“Human progress is neither automatic nor inevitable… Every step toward the goal of justice requires sacrifice, suffering, and struggle; the tireless exertions and passionate concern of dedicated individuals.” – Rev. Dr. Martin Luther King Jr.
Have we made enough progress on racial issues in America? There is a weighted question for you to ponder. The quote above embodies the gravity of this moment. Dr. King speaks to the intricate complexity that every agent for change must face. The first thing that we must embrace is that we are looking to make progress and we are dealing with humans. As humans, we are emotional beings. Even more, the issue of race in America invokes a great deal of passion on both sides of the argument. However, the focus should be on progress. Progress intrinsically requires movement beyond emotions into rational behavior.
A few years ago, I wrote about a devastating incident at McNally’s that I experienced while playing in a blues band. My parents worked hard to send me to Catholic school. The neighborhood they moved me to was changing from an all white neighborhood into a more mixed neighborhood. Although the school was a reflection of that, I had become accustomed to being the only or one of the few black people in the room. As a result, it was not weird for me to be the only black musician in an all white blues band. However, in 2014 it was shocking to experience such blatant racism.
As bad as the event itself was, the response to it was worse. If you read the article you will find a host of internet trolls and real people who are willing to write some of the most hateful statements you can think of. I must admit that this is not the racism of my grandmother’s generation. However, regardless of how much progress we have made in this country there is so much more work to do. In the middle you will find a generation of young blacks that would love nothing more than to not have to talk about slavery and racism but are realizing that it is just as real now as it used to be but now exist in a different form. There is also a generation of young whites that are so removed from the harsh realities of that time in American history that they just want the conversation to change. Those groups of people have a hard time talking to each other about the realities of race in America.
What we have come to do in this country is ignore the majority in the middle and focus on the few extremes on either side of every argument. The comments in the thread of my article represent extreme views. In response to this past election, we have heard more and more from the extremist on both sides. One side has been louder than the other in my opinion but there is still an ideological tug-of-war between extremes. This is hindering our PROGRESS. How can we move forward when we dig ourselves deeper into our current views without consideration for other people, their perspective, and their opinions? How can we expect progress when we are not willing to work at change?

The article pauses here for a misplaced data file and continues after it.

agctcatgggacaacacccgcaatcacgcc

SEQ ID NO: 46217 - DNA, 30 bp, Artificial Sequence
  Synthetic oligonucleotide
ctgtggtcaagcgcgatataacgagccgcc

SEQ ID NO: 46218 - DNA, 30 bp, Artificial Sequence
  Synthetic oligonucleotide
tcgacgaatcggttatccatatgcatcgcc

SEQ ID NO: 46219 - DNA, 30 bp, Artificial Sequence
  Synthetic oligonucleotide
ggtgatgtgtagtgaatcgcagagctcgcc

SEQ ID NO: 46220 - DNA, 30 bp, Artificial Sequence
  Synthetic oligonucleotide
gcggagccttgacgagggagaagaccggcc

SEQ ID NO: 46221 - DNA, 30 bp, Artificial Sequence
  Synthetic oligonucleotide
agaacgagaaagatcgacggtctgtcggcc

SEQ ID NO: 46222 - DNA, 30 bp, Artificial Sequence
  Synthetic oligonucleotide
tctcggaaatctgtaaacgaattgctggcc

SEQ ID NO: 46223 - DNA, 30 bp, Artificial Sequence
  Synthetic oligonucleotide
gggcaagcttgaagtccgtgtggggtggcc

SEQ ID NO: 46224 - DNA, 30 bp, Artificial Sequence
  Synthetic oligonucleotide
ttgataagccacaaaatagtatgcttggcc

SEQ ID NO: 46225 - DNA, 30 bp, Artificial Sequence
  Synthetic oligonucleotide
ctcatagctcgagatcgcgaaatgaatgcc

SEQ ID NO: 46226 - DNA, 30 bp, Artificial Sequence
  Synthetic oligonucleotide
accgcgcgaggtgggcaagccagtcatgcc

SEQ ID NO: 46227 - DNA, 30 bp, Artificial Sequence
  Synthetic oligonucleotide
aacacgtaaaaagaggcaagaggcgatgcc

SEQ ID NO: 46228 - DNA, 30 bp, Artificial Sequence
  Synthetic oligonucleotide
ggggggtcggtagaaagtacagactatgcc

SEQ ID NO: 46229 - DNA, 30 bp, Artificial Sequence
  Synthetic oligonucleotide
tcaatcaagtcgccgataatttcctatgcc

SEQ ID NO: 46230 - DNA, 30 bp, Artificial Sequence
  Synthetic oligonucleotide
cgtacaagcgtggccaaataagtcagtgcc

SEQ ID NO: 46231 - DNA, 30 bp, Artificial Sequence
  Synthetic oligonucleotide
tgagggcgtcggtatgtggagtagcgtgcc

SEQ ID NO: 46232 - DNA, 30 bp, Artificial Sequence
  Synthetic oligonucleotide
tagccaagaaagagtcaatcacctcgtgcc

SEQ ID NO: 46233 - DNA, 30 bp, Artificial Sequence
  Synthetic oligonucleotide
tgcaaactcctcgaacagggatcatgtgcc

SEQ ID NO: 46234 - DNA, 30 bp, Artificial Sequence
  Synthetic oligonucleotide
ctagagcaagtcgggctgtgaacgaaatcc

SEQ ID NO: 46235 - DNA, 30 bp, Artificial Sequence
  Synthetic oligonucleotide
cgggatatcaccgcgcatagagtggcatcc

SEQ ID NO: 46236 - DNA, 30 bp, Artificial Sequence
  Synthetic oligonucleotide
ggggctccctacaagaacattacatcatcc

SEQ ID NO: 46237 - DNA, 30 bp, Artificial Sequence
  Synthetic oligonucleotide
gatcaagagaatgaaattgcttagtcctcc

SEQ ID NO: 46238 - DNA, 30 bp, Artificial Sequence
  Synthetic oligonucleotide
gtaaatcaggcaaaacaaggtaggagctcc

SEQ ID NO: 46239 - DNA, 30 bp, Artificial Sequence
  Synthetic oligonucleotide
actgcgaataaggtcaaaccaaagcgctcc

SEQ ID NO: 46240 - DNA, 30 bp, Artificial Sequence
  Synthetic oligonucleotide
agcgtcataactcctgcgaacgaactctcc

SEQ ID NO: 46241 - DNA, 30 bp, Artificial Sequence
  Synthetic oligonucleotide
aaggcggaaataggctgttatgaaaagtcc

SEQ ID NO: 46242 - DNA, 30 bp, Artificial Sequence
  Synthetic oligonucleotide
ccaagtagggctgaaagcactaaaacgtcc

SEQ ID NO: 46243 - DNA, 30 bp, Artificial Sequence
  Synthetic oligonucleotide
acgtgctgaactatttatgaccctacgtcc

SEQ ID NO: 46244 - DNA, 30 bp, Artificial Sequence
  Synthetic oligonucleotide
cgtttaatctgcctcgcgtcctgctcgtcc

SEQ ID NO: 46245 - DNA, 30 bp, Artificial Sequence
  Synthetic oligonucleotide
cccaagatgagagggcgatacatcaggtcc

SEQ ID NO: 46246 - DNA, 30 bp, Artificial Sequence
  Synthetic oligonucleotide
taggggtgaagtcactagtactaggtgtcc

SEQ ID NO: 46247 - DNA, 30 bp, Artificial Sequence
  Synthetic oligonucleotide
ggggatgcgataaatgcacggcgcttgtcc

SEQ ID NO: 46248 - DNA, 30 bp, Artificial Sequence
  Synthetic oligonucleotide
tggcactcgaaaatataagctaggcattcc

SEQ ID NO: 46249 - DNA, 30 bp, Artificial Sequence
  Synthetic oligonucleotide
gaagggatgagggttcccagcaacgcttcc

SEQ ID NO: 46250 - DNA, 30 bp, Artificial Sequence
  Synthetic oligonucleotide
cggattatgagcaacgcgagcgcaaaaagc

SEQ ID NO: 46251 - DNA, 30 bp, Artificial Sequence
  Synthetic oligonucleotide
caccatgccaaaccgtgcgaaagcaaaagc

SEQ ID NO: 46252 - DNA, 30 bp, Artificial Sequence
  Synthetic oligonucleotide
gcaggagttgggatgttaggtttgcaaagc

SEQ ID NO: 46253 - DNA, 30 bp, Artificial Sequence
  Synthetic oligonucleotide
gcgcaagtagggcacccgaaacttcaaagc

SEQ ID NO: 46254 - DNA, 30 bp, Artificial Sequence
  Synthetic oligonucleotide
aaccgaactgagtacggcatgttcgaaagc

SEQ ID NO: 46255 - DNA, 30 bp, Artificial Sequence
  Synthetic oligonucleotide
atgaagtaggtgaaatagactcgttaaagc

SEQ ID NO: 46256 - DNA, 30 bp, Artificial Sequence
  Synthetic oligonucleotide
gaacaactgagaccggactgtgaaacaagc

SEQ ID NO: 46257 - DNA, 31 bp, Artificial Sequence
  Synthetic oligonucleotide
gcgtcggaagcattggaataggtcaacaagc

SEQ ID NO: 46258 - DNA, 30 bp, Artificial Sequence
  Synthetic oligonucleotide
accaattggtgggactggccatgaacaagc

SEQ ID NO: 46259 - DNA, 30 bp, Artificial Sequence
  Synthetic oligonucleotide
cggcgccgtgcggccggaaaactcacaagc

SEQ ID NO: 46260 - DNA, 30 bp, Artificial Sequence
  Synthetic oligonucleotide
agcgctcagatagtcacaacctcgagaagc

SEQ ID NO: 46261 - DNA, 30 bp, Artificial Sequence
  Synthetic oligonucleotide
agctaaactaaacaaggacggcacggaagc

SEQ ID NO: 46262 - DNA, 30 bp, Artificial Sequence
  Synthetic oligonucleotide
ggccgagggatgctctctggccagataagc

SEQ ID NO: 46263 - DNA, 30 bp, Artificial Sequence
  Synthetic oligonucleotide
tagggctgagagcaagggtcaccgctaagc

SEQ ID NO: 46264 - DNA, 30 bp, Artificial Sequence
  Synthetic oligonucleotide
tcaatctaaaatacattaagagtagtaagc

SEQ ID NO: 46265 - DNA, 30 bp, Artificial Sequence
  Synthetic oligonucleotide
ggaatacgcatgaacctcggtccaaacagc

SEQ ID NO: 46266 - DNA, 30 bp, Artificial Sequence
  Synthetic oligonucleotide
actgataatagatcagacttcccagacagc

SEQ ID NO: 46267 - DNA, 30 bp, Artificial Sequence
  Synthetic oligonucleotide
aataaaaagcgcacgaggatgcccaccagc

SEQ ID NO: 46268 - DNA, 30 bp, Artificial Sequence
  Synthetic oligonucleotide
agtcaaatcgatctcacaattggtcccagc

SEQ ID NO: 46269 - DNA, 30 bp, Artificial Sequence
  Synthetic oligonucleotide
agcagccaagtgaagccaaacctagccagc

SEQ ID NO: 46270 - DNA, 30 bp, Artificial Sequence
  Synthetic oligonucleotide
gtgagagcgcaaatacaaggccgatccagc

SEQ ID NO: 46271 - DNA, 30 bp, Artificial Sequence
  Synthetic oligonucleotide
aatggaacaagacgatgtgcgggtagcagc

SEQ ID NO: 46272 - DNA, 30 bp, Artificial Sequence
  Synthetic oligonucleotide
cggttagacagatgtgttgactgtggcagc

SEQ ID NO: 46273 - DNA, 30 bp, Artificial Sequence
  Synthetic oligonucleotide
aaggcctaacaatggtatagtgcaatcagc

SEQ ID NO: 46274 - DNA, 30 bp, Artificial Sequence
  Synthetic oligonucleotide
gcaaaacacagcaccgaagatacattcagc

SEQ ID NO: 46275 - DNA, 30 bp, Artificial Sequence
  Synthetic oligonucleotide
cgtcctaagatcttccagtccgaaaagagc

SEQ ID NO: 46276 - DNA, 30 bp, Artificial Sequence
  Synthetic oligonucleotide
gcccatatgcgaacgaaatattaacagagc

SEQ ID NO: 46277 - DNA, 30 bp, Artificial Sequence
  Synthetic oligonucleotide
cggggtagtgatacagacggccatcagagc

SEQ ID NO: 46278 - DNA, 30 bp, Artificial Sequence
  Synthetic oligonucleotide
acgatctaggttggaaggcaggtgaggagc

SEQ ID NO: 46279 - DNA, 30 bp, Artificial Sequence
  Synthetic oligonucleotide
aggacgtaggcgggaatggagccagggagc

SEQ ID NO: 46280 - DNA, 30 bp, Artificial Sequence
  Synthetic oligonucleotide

The actions required to make progress from here will not automatically identify themselves nor will they inaugurate or perpetuate themselves. They will not be easy. They will require “dedicated individuals” to sacrifice, suffer and struggle for a cause that is greater than themselves. They will require passion. But these passions must not be those of unbridled hatred and anger. Instead, these passions must be subdued and channeled through the filter of justice for ALL. One person addressing one incident may not be able to fully answer the complicated question of why this issue happened or why issues like it continue to plague our society. Nevertheless, it can be the pebble that starts a ripple of steps toward justice and equality.
In the comment section of the original article someone challenged me in a why that I took serious. They said that I should not start a conversation like this one and simply walk away from it. I wrote this article and a lot of life happened so I stopped focusing on writing or anything else related to the matter. However, my dad used to always say that in today’s civil rights fight, we must all find OUR way to contribute to progress. Everyone will not be an activist. Everyone will not go out and march. Everyone will not join the political fight from within. However, everyone can contribute something.
I am finding my place in the pursuit of liberty and justice for ALL. I decided to use this platform as a place for a real discussion and exchange of ideas. I know this is not enough. My distain is against the institution of racism that is hiding in the shadows of isolated incidents like mine tells me that I have to do more. It is chilling that any officer of the law would feel that there are “too many blacks” in any place. It would be equally as forbidding if there were too many Christians, too many Jewish people, too many Asians, too many homosexuals, etc. Our constitution was written “with liberty and justice for ALL.” Those that uphold this constitution should do so with the same fervor for all people.
I do not profess to have all the answers. No person claiming that they do can be taken seriously considering the complexity of this issue. My passion has been laying a foundation upon which future entertainers can build a career without having to face some of the struggles and circumstances that I have had to face. Unfortunately, racial tension is only one of many relevant issues connected to my mission. I am exploring other ways for me to get involve with the progress of justice for all people but I will continue to share my ideas on how we can move forward as a community. Instead of sharing frustration and hatred, let me humbly encourage all of you to share yours as well.